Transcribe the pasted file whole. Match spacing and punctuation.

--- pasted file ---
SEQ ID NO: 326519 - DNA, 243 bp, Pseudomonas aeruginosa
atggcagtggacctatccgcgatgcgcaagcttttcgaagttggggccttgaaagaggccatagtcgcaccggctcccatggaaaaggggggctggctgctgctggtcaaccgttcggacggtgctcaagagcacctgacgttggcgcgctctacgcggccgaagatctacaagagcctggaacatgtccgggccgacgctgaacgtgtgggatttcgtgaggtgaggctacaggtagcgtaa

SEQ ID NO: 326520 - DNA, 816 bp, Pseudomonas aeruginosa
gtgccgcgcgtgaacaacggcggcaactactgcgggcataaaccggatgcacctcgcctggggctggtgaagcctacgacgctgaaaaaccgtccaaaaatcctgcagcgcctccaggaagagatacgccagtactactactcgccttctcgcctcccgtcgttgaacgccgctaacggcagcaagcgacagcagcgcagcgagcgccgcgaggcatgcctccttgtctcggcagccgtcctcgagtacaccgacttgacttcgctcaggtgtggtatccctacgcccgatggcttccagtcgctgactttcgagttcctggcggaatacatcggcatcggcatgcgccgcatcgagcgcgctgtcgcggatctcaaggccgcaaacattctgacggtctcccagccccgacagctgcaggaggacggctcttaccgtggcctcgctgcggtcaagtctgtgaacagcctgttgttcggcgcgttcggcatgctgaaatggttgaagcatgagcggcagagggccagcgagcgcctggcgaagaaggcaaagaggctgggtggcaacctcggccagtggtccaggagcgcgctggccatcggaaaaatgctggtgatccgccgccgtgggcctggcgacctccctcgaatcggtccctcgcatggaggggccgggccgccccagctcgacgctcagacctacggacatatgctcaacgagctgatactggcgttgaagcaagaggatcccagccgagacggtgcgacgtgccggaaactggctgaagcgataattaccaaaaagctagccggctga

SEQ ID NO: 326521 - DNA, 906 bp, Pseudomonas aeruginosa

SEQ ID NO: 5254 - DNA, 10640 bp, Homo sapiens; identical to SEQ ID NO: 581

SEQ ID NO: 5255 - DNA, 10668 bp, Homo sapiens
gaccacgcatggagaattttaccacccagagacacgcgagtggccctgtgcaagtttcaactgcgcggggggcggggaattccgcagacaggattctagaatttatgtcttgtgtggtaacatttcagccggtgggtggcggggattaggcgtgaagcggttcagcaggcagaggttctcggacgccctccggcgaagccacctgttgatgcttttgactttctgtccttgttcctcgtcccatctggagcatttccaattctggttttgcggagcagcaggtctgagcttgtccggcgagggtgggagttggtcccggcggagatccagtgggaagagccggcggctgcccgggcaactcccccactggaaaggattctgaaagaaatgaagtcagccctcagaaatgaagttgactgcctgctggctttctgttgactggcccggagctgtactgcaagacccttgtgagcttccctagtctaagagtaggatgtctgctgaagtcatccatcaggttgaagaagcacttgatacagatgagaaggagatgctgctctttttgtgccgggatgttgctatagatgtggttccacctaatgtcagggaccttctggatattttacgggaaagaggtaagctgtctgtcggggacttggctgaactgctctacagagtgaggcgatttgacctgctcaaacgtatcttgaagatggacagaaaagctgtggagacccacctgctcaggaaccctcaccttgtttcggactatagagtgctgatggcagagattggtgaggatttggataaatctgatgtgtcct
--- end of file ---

SEQ ID NO: 326519 - DNA, 243 bp, Pseudomonas aeruginosa
atggcagtggacctatccgcgatgcgcaagcttttcgaagttggggccttgaaagaggccatagtcgcaccggctcccatggaaaaggggggctggctgctgctggtcaaccgttcggacggtgctcaagagcacctgacgttggcgcgctctacgcggccgaagatctacaagagcctggaacatgtccgggccgacgctgaacgtgtgggatttcgtgaggtgaggctacaggtagcgtaa

SEQ ID NO: 326520 - DNA, 816 bp, Pseudomonas aeruginosa
gtgccgcgcgtgaacaacggcggcaactactgcgggcataaaccggatgcacctcgcctggggctggtgaagcctacgacgctgaaaaaccgtccaaaaatcctgcagcgcctccaggaagagatacgccagtactactactcgccttctcgcctcccgtcgttgaacgccgctaacggcagcaagcgacagcagcgcagcgagcgccgcgaggcatgcctccttgtctcggcagccgtcctcgagtacaccgacttgacttcgctcaggtgtggtatccctacgcccgatggcttccagtcgctgactttcgagttcctggcggaatacatcggcatcggcatgcgccgcatcgagcgcgctgtcgcggatctcaaggccgcaaacattctgacggtctcccagccccgacagctgcaggaggacggctcttaccgtggcctcgctgcggtcaagtctgtgaacagcctgttgttcggcgcgttcggcatgctgaaatggttgaagcatgagcggcagagggccagcgagcgcctggcgaagaaggcaaagaggctgggtggcaacctcggccagtggtccaggagcgcgctggccatcggaaaaatgctggtgatccgccgccgtgggcctggcgacctccctcgaatcggtccctcgcatggaggggccgggccgccccagctcgacgctcagacctacggacatatgctcaacgagctgatactggcgttgaagcaagaggatcccagccgagacggtgcgacgtgccggaaactggctgaagcgataattaccaaaaagctagccggctga

SEQ ID NO: 326521 - DNA, 906 bp, Pseudomonas aeruginosa

SEQ ID NO: 5254 - DNA, 10640 bp, Homo sapiens; identical to SEQ ID NO: 581

SEQ ID NO: 5255 - DNA, 10668 bp, Homo sapiens
gaccacgcatggagaattttaccacccagagacacgcgagtggccctgtgcaagtttcaactgcgcggggggcggggaattccgcagacaggattctagaatttatgtcttgtgtggtaacatttcagccggtgggtggcggggattaggcgtgaagcggttcagcaggcagaggttctcggacgccctccggcgaagccacctgttgatgcttttgactttctgtccttgttcctcgtcccatctggagcatttccaattctggttttgcggagcagcaggtctgagcttgtccggcgagggtgggagttggtcccggcggagatccagtgggaagagccggcggctgcccgggcaactcccccactggaaaggattctgaaagaaatgaagtcagccctcagaaatgaagttgactgcctgctggctttctgttgactggcccggagctgtactgcaagacccttgtgagcttccctagtctaagagtaggatgtctgctgaagtcatccatcaggttgaagaagcacttgatacagatgagaaggagatgctgctctttttgtgccgggatgttgctatagatgtggttccacctaatgtcagggaccttctggatattttacgggaaagaggtaagctgtctgtcggggacttggctgaactgctctacagagtgaggcgatttgacctgctcaaacgtatcttgaagatggacagaaaagctgtggagacccacctgctcaggaaccctcaccttgtttcggactatagagtgctgatggcagagattggtgaggatttggataaatctgatgtgtcct